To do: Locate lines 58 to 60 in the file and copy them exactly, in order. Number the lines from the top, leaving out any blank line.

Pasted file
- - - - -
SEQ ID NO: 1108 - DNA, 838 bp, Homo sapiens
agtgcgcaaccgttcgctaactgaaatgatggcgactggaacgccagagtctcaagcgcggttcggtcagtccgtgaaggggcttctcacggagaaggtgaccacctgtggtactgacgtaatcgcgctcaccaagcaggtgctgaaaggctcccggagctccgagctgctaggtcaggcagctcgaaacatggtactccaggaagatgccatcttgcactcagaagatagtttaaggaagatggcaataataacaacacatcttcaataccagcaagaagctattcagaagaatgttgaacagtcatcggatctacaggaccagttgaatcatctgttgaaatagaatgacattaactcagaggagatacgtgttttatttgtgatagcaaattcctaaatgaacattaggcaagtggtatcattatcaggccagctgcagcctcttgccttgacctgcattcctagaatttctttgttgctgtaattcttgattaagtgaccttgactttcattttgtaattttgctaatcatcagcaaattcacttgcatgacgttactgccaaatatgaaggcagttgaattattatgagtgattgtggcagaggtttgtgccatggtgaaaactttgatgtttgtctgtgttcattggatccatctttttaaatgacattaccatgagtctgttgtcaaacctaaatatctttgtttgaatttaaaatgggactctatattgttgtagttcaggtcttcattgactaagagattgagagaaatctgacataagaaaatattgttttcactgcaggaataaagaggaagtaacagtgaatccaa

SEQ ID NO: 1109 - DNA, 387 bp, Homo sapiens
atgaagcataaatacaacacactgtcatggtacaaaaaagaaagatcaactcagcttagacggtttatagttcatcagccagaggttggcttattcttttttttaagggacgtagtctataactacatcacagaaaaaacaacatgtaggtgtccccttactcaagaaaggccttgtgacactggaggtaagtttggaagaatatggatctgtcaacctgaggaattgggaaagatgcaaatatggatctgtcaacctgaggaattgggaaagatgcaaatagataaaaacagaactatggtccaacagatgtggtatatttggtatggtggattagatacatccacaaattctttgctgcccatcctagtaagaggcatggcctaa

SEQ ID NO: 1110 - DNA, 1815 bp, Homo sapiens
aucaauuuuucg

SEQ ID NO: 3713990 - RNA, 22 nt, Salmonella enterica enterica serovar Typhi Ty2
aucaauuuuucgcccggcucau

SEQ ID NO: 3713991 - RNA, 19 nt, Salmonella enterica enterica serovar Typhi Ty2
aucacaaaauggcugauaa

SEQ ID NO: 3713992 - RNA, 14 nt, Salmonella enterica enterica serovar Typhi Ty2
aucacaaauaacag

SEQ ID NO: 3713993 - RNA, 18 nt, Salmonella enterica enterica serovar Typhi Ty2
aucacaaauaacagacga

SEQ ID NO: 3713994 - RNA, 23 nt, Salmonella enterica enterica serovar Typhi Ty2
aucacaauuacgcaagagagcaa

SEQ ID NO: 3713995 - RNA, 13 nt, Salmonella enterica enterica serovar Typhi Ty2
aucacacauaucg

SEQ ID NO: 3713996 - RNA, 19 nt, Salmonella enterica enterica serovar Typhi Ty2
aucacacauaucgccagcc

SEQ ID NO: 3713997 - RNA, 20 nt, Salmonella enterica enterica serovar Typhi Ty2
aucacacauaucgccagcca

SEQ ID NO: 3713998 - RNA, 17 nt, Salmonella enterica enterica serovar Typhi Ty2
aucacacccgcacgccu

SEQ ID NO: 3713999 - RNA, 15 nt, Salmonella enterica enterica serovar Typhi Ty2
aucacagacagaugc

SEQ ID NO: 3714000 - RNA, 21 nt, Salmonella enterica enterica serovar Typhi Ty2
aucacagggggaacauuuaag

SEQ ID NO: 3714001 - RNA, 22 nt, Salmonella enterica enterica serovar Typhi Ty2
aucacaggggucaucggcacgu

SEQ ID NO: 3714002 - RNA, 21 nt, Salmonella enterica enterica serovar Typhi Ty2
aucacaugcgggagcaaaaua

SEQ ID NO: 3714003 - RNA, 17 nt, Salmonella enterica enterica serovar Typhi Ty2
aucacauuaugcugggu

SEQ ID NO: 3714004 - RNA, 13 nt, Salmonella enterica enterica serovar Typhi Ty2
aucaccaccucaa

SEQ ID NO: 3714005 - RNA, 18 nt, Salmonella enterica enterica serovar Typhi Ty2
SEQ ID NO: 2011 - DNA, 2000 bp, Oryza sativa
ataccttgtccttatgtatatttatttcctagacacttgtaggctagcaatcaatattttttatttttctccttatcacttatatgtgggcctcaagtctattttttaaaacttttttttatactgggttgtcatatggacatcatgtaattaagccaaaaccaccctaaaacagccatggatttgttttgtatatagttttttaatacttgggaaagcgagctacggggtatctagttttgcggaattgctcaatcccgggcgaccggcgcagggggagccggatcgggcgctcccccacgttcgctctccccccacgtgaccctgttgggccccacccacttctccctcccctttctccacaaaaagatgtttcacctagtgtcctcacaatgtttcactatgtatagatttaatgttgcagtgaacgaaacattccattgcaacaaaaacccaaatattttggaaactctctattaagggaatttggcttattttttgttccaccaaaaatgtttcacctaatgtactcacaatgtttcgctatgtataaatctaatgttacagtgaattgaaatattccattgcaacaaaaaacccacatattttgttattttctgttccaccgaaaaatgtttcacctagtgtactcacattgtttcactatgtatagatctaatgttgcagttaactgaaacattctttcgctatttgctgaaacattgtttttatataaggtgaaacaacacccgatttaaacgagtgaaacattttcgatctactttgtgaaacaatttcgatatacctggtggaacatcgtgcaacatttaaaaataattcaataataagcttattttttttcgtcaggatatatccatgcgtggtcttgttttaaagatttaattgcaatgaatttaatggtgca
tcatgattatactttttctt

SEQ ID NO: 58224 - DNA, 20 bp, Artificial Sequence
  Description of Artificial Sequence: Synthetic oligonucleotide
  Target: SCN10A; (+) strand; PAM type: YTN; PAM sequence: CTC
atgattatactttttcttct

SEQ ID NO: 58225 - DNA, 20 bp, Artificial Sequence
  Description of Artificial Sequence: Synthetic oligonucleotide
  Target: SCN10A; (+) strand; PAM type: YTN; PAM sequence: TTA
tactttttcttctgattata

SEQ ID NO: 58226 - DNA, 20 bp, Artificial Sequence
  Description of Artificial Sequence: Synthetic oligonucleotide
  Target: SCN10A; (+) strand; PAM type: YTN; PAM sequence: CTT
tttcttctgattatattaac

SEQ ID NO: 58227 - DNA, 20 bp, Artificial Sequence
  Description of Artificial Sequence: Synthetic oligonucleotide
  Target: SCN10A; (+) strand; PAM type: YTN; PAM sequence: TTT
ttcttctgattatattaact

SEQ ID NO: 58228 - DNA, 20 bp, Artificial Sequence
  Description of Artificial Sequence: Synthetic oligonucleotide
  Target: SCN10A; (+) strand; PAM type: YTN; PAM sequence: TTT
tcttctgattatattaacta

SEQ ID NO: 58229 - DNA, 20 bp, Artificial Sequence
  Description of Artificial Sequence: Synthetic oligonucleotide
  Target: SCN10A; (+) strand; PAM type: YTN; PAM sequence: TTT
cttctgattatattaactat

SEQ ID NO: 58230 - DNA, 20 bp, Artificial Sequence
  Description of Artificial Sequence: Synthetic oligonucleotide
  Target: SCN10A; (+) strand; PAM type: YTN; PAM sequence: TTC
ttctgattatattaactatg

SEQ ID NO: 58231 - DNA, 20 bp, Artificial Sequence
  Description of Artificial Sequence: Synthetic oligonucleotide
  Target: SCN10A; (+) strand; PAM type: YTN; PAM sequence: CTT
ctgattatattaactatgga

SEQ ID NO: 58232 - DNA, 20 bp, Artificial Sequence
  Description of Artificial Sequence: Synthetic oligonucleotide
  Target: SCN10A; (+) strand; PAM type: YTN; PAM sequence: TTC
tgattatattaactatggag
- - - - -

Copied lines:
  Description of Artificial Sequence: Synthetic oligonucleotide
  Target: SCN10A; (+) strand; PAM type: YTN; PAM sequence: TTT
tcttctgattatattaacta